Understanding Tradeoffs in Software Transactional Memory
By Dave on Feb 26, 2007
Understanding Tradeoffs in Software Transactional Memory by Nir Shavit and myself was accepted in CGO-2007. The paper describes the TL1 (Transactional Locking) mechanism. The slides presented at the conference are available as well. (We first described TL1 at Transact'06 in Ottawa). TL1's successor, TL2, authored by mself, Nir Shavit and Ori Shalev, was published in DISC'06.
Briefly, STMs such as TL1 periodically revalidate the read-set during a transaction. This is necessary as a transaction might have read a set of values that are inconsistent and then, based on that inconsistent data, enter an infinite loop, generate traps, or otherwise misbehave. We refer to such a transaction as a zombie: it's observed inconsistent state and could never successfully commit, but it's still running. We could avoid zombie transactions by revalidating the entire read-set after each transactional load. That's sufficient to avoid zombies, but the cost is quadratic with the size of the read-set. Instead, TL1 admits zombies (transiently) and validates periodically. The period of zombie execution is bounded. But the TL1 runtime environment must also provide zombie containment to gracefully tolerate the misbehavior of zombie transactions.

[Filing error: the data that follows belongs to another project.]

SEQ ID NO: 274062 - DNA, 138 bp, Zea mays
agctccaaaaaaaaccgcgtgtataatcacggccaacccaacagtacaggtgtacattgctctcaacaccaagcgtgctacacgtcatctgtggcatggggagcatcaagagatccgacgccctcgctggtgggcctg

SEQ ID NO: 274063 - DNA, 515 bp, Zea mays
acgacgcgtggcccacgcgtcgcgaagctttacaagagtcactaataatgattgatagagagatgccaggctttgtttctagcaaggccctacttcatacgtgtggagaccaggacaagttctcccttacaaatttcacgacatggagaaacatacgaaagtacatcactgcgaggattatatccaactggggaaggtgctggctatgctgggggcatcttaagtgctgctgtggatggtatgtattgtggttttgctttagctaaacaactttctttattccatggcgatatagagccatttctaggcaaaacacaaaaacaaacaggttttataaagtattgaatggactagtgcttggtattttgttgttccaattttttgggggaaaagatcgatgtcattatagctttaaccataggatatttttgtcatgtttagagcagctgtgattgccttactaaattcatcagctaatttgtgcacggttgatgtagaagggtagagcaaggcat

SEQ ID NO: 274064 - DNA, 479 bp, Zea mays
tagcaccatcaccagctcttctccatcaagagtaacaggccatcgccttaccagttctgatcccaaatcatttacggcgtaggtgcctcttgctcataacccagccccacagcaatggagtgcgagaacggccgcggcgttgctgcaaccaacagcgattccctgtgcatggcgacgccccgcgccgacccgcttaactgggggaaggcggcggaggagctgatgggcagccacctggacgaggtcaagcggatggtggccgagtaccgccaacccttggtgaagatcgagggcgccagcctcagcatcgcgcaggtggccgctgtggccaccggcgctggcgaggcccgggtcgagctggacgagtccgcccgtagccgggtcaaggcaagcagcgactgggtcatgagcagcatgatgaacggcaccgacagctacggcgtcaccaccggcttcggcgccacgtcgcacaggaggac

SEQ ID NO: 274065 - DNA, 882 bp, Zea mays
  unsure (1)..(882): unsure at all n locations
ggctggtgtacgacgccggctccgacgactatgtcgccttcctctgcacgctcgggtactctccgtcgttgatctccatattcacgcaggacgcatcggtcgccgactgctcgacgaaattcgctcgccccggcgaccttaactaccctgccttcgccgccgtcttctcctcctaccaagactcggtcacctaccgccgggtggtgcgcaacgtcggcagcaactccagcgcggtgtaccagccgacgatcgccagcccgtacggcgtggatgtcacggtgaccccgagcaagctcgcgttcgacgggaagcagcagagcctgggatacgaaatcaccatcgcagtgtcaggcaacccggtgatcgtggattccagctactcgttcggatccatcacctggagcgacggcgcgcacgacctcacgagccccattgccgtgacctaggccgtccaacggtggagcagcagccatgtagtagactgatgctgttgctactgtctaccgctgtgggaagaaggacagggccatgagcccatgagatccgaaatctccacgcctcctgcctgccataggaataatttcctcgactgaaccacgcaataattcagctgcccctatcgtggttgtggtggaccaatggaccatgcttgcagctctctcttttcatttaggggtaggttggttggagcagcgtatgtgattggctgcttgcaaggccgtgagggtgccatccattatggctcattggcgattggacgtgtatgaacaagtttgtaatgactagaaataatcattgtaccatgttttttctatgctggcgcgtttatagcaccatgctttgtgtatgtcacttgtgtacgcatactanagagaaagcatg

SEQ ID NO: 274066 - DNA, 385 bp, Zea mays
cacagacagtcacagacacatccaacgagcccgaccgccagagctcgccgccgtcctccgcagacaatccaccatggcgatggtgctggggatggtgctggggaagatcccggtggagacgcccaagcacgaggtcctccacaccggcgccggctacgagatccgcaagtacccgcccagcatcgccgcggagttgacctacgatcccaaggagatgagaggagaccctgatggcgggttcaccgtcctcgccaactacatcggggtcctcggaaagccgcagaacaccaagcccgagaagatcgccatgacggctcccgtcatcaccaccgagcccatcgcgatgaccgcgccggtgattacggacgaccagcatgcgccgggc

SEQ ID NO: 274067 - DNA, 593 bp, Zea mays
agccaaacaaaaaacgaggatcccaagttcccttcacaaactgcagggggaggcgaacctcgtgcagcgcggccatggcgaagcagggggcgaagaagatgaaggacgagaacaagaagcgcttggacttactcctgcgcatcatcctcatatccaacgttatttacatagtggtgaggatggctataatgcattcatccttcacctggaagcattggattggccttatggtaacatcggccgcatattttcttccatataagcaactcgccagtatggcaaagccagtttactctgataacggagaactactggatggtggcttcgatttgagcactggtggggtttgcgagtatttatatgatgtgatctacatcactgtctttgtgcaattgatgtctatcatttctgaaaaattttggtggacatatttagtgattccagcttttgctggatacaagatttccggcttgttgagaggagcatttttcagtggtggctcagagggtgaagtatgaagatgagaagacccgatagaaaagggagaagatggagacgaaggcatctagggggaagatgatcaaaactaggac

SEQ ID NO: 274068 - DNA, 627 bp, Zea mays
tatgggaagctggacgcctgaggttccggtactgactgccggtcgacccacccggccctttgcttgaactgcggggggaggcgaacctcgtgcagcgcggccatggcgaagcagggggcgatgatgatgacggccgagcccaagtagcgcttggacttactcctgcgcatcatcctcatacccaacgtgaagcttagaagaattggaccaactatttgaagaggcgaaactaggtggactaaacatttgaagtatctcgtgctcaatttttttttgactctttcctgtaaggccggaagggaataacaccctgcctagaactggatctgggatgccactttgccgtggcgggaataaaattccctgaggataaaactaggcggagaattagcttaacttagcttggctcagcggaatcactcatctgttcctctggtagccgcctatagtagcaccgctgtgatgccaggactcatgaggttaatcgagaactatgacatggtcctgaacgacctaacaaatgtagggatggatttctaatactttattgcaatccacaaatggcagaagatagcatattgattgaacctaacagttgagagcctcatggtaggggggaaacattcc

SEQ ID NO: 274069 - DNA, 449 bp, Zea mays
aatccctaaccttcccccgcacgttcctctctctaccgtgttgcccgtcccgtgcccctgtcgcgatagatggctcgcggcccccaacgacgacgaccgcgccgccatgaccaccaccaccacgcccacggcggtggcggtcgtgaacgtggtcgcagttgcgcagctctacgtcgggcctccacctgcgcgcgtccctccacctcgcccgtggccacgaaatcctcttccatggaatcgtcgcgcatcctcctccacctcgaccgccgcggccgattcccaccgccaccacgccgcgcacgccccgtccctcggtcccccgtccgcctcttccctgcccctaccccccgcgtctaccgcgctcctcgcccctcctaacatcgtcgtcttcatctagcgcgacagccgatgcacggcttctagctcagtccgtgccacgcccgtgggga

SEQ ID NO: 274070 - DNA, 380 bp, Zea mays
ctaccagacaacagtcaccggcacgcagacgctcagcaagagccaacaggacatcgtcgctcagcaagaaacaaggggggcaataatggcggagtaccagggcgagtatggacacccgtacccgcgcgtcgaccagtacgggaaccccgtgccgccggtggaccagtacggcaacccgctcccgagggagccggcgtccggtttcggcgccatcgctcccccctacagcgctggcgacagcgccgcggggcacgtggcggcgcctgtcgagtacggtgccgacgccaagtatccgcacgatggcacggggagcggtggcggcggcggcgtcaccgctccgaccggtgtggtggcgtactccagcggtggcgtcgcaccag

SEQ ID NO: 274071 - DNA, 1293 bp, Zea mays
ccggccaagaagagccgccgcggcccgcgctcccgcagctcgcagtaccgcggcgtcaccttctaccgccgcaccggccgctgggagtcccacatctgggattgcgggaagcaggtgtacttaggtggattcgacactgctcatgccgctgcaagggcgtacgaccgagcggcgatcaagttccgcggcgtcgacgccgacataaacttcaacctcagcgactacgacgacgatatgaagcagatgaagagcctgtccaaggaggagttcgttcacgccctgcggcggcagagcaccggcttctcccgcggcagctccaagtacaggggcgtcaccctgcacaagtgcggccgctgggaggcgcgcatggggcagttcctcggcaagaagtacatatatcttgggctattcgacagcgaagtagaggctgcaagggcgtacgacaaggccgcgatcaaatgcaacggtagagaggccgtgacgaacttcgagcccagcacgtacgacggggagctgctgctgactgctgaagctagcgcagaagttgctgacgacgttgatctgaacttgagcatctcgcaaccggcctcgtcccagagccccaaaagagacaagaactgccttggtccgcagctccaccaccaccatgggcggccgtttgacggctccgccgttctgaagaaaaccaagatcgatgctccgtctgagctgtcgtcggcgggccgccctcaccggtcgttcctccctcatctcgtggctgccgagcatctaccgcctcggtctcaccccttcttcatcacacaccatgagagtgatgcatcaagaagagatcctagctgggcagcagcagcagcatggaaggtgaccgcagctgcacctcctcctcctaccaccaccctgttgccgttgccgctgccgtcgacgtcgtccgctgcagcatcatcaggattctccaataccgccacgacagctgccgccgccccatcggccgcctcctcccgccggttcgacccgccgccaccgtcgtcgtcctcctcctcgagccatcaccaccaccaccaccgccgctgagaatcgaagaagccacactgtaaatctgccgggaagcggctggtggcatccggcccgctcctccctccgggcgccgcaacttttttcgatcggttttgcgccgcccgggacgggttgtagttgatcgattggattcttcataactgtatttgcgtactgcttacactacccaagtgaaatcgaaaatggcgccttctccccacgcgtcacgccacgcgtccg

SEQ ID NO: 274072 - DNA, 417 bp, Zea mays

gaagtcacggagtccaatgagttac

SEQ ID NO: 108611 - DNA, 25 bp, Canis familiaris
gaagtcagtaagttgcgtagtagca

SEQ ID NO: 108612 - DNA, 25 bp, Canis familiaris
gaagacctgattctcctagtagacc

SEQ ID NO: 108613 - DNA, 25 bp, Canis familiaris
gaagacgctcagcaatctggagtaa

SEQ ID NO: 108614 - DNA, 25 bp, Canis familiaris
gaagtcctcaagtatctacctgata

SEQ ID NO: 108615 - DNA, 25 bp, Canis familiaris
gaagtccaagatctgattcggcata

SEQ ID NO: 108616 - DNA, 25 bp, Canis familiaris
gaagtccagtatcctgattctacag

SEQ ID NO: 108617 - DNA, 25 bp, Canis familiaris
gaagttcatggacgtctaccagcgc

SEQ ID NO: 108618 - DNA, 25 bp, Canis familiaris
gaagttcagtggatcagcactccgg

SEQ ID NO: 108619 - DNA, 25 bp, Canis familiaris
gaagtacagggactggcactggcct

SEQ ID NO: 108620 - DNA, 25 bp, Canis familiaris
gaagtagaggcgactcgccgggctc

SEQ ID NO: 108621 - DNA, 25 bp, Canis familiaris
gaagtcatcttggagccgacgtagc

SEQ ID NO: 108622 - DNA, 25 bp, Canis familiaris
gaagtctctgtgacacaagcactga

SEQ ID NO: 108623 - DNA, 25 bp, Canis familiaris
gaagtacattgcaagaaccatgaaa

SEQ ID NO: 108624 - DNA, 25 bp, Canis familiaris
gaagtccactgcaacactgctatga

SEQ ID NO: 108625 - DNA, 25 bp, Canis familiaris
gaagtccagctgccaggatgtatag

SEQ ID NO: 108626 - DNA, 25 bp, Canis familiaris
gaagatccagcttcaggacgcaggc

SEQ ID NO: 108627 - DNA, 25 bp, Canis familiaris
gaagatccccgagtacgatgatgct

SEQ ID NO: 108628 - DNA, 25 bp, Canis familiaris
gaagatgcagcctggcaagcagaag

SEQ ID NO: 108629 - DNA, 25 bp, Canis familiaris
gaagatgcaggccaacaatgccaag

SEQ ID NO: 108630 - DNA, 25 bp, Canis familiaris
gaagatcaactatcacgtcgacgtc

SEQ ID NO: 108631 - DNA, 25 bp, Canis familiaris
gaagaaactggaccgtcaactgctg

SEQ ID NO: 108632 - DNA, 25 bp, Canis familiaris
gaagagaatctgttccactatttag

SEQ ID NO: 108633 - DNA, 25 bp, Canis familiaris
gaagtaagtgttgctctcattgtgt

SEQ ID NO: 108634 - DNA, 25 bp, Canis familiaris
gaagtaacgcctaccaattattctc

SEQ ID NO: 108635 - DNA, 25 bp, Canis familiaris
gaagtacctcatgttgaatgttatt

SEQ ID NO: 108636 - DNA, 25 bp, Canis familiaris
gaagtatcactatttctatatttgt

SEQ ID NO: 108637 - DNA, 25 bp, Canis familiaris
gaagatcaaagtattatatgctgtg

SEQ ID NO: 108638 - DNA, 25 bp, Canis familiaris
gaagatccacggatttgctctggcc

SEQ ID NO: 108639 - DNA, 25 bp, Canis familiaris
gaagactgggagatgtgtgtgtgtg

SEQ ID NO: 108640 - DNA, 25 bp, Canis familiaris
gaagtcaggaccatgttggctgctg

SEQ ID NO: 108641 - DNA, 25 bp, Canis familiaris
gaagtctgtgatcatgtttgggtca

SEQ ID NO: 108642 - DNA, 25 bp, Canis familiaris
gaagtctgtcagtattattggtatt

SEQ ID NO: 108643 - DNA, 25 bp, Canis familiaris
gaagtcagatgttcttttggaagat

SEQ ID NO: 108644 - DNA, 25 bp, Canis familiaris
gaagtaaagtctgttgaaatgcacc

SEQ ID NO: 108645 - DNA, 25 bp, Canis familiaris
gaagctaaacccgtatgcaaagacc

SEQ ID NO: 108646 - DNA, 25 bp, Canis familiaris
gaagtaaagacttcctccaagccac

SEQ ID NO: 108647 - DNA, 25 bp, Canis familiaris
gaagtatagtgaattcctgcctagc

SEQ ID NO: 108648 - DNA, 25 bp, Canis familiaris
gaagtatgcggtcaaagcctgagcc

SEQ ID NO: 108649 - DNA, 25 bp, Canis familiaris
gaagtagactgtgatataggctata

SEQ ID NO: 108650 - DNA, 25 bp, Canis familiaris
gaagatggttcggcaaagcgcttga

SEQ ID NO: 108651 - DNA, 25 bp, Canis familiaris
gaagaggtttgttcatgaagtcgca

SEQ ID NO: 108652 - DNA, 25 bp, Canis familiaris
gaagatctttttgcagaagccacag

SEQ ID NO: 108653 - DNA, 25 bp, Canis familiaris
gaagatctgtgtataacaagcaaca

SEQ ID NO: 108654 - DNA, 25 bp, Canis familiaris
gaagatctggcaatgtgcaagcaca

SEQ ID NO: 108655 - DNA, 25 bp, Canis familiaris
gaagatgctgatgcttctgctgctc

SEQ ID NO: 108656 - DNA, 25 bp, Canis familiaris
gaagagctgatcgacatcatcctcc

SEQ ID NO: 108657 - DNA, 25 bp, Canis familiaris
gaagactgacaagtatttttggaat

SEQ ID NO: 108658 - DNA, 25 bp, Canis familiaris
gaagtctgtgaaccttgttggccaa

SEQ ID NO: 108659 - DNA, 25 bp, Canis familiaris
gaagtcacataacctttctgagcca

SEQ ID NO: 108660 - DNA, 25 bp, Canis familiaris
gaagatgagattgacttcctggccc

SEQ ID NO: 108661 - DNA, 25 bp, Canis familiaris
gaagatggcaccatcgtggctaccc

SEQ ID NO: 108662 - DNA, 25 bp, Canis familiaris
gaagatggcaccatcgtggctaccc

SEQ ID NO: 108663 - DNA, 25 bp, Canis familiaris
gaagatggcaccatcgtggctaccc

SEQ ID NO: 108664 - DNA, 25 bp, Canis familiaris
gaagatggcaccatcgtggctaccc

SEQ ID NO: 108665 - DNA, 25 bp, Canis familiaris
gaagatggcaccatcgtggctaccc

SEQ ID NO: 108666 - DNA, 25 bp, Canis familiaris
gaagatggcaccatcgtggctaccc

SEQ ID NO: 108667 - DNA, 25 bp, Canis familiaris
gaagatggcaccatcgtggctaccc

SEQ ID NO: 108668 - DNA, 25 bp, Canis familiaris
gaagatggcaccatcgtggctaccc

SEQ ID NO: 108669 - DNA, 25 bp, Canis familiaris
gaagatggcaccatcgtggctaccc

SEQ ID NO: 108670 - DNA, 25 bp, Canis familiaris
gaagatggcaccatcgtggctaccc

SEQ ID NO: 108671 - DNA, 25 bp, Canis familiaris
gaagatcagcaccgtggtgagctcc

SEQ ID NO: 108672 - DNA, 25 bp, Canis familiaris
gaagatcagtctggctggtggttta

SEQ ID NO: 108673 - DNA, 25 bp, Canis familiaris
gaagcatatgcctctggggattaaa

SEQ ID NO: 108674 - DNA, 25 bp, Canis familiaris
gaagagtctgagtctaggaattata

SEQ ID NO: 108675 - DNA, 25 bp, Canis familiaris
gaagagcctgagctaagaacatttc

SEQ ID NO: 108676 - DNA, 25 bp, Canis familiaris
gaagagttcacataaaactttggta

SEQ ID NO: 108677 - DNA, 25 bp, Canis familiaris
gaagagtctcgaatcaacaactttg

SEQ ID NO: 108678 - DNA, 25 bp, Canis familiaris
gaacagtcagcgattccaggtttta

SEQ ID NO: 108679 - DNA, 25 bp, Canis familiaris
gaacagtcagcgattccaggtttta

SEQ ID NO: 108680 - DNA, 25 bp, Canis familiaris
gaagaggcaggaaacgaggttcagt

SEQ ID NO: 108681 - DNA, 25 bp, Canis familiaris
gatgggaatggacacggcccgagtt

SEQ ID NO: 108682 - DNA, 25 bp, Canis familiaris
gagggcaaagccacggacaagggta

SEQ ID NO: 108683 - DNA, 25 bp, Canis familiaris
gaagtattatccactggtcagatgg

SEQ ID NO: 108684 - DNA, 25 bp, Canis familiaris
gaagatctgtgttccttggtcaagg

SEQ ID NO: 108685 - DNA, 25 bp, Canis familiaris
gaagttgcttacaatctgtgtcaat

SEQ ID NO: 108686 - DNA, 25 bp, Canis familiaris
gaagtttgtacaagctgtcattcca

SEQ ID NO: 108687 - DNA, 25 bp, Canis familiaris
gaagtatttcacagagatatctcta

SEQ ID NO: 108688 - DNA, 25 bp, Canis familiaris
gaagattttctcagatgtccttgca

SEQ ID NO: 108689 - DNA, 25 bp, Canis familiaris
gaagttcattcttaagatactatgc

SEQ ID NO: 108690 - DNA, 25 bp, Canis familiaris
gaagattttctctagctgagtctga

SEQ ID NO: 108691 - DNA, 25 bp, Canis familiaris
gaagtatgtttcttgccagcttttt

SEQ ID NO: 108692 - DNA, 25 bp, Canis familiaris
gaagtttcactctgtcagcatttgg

Another way to avoid zombies is to use so-called visible readers. Conceptually each transactional variable maps to a read-write lock. The first time a transaction reads from a location it acquires the read-lock. And of course transactional writes acquire the lock for writing. Visible readers avoid zombie execution but at the cost of considerable read-write coherency traffic on the read-write locks.
TL2 does not admit zombies execution, potentially making it more suitable for C or C++ unmanaged runtime environments. And it manages to avoid zombies with validation costs only proportional to the read-set size and without visible readers.